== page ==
Rate problems

Aug 20, · Solution. Step 1: Find b rate B /rate A = b/coefficient of A b = coefficient of A x rate B /rate A b = 2 x / b = 2 x 3 b = 6 For every 2 moles of A, 6 Step 2: Find c rate B /rate A = c/coefficient of A c = coefficient of A x rate C /rate A c = 2 x / c = 2 x c = 3 For. Oct 18, · Check out more MCAT lectures and prep materials on our website: educationcupcake.us Instructor: Dave CarlsonSolving Rate Problems Part 3 - Elementary R.

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In class, you may often be asked to solve different types of reaction rate problems. When solving reaction rate problems, it is important to remember the reaction rate laws and the basics of balancing equations. Alright so when you're union of kinetics and you have rate law problems here's some practice problems that you might come across that are a little bit more difficult so if you have just wanted to talk of general rate laws you might want to look at the actual videos that we what is 21 guns about from before this.

So here's one practice problem that I want to talk about that talks about the concepts within it. Okay let's consider a solution where we have 0. So the rate law looks like this, it's second order rate, second order reaction and they're both in the first order. Okay at each question we're going to ask does the rate increase, decrease or remain the same and does k our rate constant increase, decrease or remain the same?

Okay so let's say we were to add water to the solution, how is that going to affect the rate? Well it's not going to affect k at all, k is never going to change except in one scenario and that's when temperature changes, so the rate law constant is actually going to be the same it's not going to be affected but what will be affected is the rate.

And why would the rate be affected, because we're diluting these guys, we're lowering the concentration and we add water we're lowering the concentration of the thioacetamide and the hydrogen ion. So the rate is actually going to be slower, which makes sense because according to our collision theory the concentration plays a major part in how fast the reaction goes.

Number 2, the reaction is heated to 75 degrees Celsius, well we're adding heat to this reaction so it should proceed faster but if you notice and so the reaction, the rate does increase in this case if we increase temperature but how is that shown here? Well k is temperature dependent so even though concentrations remain the same k will change when temperature increases. So yeah k will increase as well, it's the only time k will change. What if **how to do reaction rate problems** add sodium hydroxide to this solution?

Well why would that make a difference? Because nothing in here as sodium hydroxide it may dilute the system but the concentration it's actually going to be quite similar. So how to build a 100 million dollar company main thing that's actually going to affect is actually sodium hydroxide is going to have a reaction.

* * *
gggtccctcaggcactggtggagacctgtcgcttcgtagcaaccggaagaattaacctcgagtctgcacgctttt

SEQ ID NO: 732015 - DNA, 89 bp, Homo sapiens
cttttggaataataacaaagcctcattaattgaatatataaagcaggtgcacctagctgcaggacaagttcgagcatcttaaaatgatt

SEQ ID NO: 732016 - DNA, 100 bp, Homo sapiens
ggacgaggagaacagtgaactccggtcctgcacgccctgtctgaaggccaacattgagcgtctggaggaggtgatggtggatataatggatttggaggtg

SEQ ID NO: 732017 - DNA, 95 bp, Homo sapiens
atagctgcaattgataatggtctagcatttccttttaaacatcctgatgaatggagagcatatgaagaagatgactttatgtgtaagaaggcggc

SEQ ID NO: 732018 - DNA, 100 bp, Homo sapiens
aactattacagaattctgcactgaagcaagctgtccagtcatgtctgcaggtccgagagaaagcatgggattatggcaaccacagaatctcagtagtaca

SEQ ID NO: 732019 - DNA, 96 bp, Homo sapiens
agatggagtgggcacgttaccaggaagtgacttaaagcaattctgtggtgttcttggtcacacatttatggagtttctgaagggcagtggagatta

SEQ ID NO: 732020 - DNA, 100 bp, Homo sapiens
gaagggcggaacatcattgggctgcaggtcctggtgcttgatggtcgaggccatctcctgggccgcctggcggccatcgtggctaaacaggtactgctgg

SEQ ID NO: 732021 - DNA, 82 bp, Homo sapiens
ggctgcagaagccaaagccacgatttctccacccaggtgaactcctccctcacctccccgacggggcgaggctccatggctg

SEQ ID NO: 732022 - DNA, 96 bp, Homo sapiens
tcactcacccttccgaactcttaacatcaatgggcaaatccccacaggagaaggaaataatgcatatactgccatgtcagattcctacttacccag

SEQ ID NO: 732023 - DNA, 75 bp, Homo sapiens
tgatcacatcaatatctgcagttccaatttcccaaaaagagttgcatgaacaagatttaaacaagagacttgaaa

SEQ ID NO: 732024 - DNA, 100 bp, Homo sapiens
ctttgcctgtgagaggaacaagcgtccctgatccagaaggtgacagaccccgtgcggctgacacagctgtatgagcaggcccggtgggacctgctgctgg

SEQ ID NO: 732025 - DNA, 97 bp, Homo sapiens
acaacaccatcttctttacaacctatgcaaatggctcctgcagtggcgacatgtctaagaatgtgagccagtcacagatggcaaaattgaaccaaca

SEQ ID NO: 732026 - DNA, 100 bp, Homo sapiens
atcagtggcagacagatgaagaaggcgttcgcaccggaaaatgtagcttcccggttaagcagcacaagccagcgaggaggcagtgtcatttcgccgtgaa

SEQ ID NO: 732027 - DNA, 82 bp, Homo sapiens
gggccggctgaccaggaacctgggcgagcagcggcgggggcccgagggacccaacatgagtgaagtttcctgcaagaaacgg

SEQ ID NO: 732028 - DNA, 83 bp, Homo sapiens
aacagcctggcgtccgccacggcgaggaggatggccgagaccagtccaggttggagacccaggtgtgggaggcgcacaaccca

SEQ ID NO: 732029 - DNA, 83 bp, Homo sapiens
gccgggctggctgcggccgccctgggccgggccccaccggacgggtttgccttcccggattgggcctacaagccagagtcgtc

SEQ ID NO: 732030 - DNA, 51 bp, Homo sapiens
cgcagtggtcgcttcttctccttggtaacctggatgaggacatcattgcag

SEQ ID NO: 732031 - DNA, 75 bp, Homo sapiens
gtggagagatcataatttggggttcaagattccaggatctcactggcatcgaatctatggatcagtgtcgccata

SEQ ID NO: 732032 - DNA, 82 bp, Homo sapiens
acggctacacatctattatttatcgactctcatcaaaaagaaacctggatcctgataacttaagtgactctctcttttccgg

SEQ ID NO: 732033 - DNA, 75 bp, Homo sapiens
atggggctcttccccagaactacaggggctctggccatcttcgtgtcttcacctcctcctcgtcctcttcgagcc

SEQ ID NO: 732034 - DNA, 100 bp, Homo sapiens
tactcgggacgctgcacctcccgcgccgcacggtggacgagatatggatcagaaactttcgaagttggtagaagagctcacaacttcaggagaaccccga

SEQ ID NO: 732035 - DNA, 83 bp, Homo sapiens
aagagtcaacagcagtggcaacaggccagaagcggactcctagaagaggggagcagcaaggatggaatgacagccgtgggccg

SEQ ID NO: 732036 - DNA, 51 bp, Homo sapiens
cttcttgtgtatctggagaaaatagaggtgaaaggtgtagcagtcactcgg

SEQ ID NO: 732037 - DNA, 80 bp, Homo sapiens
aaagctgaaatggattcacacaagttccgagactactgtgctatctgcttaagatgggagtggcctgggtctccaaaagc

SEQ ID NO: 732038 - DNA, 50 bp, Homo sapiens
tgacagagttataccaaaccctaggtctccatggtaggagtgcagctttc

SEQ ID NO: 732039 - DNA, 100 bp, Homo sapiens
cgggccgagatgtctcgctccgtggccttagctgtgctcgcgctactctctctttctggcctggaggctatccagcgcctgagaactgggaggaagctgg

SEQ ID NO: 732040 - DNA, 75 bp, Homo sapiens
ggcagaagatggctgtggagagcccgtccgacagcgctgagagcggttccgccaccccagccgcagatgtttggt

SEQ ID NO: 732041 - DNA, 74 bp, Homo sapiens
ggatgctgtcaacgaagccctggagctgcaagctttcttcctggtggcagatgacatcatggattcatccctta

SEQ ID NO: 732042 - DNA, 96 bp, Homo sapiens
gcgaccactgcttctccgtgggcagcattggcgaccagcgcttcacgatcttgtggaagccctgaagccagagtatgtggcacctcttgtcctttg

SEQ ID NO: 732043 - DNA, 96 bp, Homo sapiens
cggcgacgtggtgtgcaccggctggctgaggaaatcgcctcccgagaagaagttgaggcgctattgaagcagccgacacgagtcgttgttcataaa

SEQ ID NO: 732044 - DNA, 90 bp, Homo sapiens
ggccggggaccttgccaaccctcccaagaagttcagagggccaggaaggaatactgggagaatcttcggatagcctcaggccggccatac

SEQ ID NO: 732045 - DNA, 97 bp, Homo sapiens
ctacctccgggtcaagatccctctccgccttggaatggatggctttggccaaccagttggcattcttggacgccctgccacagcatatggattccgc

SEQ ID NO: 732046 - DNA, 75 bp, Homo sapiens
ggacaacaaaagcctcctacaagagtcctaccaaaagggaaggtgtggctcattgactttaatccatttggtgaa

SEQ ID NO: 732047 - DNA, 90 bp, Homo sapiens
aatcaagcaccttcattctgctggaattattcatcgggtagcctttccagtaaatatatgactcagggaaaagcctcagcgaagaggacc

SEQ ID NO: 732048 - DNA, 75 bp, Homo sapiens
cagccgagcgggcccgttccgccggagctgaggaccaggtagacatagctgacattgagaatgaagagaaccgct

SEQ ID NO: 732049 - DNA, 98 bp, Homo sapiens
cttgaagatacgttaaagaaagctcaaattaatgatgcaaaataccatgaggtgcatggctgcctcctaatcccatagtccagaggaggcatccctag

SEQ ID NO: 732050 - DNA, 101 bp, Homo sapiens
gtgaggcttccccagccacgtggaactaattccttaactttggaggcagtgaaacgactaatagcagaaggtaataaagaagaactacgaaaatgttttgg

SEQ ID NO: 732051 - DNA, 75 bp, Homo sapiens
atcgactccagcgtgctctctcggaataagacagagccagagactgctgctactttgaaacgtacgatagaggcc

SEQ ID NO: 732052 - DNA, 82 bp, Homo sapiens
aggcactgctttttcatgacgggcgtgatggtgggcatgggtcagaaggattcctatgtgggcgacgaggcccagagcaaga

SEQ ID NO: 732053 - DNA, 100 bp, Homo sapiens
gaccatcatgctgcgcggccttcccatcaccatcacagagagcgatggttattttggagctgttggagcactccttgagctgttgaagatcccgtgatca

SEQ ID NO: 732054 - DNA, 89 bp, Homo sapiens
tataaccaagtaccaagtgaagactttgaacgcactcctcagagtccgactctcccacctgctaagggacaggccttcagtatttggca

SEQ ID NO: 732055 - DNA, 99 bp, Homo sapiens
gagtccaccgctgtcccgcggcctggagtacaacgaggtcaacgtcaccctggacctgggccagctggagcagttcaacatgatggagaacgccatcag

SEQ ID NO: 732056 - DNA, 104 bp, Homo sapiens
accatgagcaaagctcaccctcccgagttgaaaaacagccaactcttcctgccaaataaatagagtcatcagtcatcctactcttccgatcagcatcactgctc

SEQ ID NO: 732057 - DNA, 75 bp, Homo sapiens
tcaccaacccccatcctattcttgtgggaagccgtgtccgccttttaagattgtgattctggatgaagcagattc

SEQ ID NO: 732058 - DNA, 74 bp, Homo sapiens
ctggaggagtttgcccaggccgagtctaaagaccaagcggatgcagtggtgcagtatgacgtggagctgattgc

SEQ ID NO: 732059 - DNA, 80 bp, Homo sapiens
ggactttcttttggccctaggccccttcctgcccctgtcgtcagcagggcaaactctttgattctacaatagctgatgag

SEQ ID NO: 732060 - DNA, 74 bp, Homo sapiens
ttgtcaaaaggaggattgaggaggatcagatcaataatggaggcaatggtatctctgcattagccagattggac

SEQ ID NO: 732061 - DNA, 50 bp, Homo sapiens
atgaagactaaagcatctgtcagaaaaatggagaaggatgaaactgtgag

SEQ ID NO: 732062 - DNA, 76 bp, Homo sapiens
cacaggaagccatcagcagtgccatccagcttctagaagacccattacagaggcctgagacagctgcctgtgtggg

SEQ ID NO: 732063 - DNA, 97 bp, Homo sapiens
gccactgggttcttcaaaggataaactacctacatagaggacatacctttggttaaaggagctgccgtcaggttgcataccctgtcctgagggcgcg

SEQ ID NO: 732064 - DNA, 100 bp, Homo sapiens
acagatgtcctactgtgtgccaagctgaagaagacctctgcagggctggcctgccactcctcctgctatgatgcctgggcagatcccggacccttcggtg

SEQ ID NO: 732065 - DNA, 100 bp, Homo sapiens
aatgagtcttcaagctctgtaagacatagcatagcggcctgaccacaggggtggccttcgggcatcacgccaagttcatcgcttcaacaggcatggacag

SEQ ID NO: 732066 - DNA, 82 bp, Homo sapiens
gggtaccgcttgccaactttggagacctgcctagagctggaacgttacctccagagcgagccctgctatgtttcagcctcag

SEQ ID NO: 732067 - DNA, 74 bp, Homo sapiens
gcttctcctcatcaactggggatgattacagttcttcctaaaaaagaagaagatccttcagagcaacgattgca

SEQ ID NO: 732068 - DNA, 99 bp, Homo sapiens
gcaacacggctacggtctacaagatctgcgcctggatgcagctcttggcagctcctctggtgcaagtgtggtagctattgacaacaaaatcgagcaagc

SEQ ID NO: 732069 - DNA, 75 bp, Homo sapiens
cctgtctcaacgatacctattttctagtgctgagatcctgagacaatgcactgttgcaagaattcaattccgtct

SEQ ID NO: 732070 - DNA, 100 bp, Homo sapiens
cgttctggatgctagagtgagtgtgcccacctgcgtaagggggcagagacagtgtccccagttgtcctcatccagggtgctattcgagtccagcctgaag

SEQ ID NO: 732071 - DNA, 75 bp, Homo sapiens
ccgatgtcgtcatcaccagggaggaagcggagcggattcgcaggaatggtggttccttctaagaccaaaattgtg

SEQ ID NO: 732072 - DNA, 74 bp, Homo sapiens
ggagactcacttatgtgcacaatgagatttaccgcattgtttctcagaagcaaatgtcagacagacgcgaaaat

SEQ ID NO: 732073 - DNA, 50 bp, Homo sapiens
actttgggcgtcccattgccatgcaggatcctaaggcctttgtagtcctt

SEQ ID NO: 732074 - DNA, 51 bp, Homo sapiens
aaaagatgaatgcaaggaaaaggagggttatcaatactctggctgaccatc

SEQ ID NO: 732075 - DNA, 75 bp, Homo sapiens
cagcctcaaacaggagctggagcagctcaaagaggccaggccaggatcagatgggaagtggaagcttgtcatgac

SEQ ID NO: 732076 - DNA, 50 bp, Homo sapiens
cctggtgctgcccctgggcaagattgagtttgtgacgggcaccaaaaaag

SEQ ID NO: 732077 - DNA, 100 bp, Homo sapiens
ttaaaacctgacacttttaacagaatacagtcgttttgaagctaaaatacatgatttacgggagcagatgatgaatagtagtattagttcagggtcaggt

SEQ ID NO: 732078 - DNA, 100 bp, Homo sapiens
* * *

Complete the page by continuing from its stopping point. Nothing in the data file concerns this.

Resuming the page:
The reaction it'll, this is the base it will react with this acid and so will go down which will decrease the rate of reaction.

So this concentration is going to go down, this will remain the same, the rate is going to lower as well. So the k will not change at all because again k is only going to change when temperature changes. Okay, so that's one type of a problem that you might see, another type of a problem that you might see or dealing with this type of finding the actual rate law using data.

And we've talked that in the rate law, when we're dealing with rate laws and I talked to you about rate laws. But let's *how to do reaction rate problems* about how this problem might be a slight bit different, so you're supposed to figure out the rate when comparing 2 different trials. So let's look at trial b because these 2 are the same and we're going to look at how a is affected. So we're going to say okay the concentration of a and the second one is 8, the concentration of a and the first one is 2 and how is that going to affect my superscript?

Because don't forget the backload of the rate law is going to be rate equals k or rate constant times the concentration of a to some certain power to the concentration of b to some certain power. And don't forget these coefficients that you have in this reaction are not going to necessarily be the coefficients or the powers in your rate law. Let's actually, so right now it's time to find the powers so as A changes what's going to happen to rate, rate goes from it goes 4.

Okay so what 4 to the what power is going to equal 16, well we know 4 squared is equal 16 so m is going to equal 2. So alright, so I'm going to change this to 2, fantastic so now I need to do b. Well b is changed, there's no time when a is constant, so this is actually what makes it more difficult, there's no time when a is constant but b there is a time when b is changing.

So what do we do now if a, if we can't compare? Well we already know the superscript, we already know the order of a so we can use that to figure out the order of b. So let's go over here and say okay I know that, let's just compare 2 and 3. And so we're going to say okay Okay so this 16 over 8 is 2, 2 squared is 4 times 3 over 1. So we're going to divide both sides by 4, 2 to the n equals 8 over 4 which is 2 so n is going to equal 1.